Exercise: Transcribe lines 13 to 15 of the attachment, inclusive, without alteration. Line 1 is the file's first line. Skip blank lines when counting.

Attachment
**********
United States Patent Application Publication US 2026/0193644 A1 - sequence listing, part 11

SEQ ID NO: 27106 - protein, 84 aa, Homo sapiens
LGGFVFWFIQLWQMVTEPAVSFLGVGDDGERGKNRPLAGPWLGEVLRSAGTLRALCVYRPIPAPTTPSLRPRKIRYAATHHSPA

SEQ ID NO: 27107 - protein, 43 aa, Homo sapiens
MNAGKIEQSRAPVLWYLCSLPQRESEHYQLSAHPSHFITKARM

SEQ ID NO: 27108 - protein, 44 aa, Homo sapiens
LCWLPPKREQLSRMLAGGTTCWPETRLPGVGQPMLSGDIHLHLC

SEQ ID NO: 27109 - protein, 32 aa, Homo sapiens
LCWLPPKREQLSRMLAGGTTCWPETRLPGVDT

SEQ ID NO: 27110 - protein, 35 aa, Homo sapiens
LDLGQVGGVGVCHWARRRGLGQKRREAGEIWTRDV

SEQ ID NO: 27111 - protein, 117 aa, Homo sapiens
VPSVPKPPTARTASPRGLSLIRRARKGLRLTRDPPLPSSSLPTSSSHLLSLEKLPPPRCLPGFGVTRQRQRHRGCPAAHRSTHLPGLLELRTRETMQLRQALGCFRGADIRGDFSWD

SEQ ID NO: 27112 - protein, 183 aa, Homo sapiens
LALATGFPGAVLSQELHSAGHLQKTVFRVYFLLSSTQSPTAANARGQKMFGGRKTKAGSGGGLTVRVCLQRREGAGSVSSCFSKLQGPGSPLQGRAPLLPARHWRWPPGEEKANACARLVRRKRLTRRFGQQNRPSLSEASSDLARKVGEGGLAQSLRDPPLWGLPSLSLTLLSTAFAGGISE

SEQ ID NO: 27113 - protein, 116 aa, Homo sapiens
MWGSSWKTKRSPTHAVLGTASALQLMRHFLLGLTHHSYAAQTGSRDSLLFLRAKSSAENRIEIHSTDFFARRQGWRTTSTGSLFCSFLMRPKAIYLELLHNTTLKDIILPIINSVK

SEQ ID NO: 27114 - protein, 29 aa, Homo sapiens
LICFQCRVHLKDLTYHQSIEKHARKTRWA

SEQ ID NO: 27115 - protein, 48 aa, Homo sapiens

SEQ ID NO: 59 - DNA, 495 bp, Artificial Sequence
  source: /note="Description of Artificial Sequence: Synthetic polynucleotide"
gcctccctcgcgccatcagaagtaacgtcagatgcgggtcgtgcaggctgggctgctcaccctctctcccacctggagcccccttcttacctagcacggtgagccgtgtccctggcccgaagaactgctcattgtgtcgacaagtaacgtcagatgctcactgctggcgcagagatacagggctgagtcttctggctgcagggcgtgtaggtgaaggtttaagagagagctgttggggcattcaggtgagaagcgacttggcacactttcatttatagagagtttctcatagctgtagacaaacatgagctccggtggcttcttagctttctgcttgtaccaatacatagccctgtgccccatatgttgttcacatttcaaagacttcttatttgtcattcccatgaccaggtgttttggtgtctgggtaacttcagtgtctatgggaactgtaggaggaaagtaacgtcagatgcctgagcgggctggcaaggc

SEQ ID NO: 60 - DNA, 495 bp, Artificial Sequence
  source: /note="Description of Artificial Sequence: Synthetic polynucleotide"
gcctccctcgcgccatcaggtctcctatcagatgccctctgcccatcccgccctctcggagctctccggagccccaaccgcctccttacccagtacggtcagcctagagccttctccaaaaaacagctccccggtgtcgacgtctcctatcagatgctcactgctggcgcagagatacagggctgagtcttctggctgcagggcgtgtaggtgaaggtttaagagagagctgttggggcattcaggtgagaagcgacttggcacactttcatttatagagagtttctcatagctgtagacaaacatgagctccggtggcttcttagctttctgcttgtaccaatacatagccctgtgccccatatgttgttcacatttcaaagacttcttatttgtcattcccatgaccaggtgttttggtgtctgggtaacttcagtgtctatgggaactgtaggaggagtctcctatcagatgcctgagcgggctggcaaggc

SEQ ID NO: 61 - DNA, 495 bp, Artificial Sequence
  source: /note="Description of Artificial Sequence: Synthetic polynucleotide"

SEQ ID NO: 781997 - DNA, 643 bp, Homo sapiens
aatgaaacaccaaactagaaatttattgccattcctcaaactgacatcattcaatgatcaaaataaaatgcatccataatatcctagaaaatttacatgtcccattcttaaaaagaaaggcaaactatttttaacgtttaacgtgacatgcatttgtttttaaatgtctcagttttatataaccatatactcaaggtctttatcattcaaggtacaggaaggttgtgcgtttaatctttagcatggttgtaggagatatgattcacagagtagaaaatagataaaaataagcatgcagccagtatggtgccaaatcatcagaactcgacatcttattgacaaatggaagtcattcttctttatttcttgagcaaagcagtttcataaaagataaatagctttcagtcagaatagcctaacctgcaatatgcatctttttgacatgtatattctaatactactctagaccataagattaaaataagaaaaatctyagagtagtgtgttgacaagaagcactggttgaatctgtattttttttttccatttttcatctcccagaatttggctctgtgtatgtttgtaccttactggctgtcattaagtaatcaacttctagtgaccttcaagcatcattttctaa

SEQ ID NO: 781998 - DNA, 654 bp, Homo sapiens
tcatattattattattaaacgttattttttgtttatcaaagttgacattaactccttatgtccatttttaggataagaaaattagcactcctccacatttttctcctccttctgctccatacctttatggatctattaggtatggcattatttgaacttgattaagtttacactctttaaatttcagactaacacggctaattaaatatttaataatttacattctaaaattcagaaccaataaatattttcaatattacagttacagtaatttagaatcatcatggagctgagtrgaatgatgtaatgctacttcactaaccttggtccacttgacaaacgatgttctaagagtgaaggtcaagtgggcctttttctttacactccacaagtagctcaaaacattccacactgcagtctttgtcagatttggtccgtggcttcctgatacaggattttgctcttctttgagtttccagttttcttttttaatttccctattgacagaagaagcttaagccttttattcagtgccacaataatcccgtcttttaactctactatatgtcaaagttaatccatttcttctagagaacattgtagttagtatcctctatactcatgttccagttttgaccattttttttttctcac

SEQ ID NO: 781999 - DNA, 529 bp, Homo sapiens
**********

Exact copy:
VPSVPKPPTARTASPRGLSLIRRARKGLRLTRDPPLPSSSLPTSSSHLLSLEKLPPPRCLPGFGVTRQRQRHRGCPAAHRSTHLPGLLELRTRETMQLRQALGCFRGADIRGDFSWD

SEQ ID NO: 27112 - protein, 183 aa, Homo sapiens
LALATGFPGAVLSQELHSAGHLQKTVFRVYFLLSSTQSPTAANARGQKMFGGRKTKAGSGGGLTVRVCLQRREGAGSVSSCFSKLQGPGSPLQGRAPLLPARHWRWPPGEEKANACARLVRRKRLTRRFGQQNRPSLSEASSDLARKVGEGGLAQSLRDPPLWGLPSLSLTLLSTAFAGGISE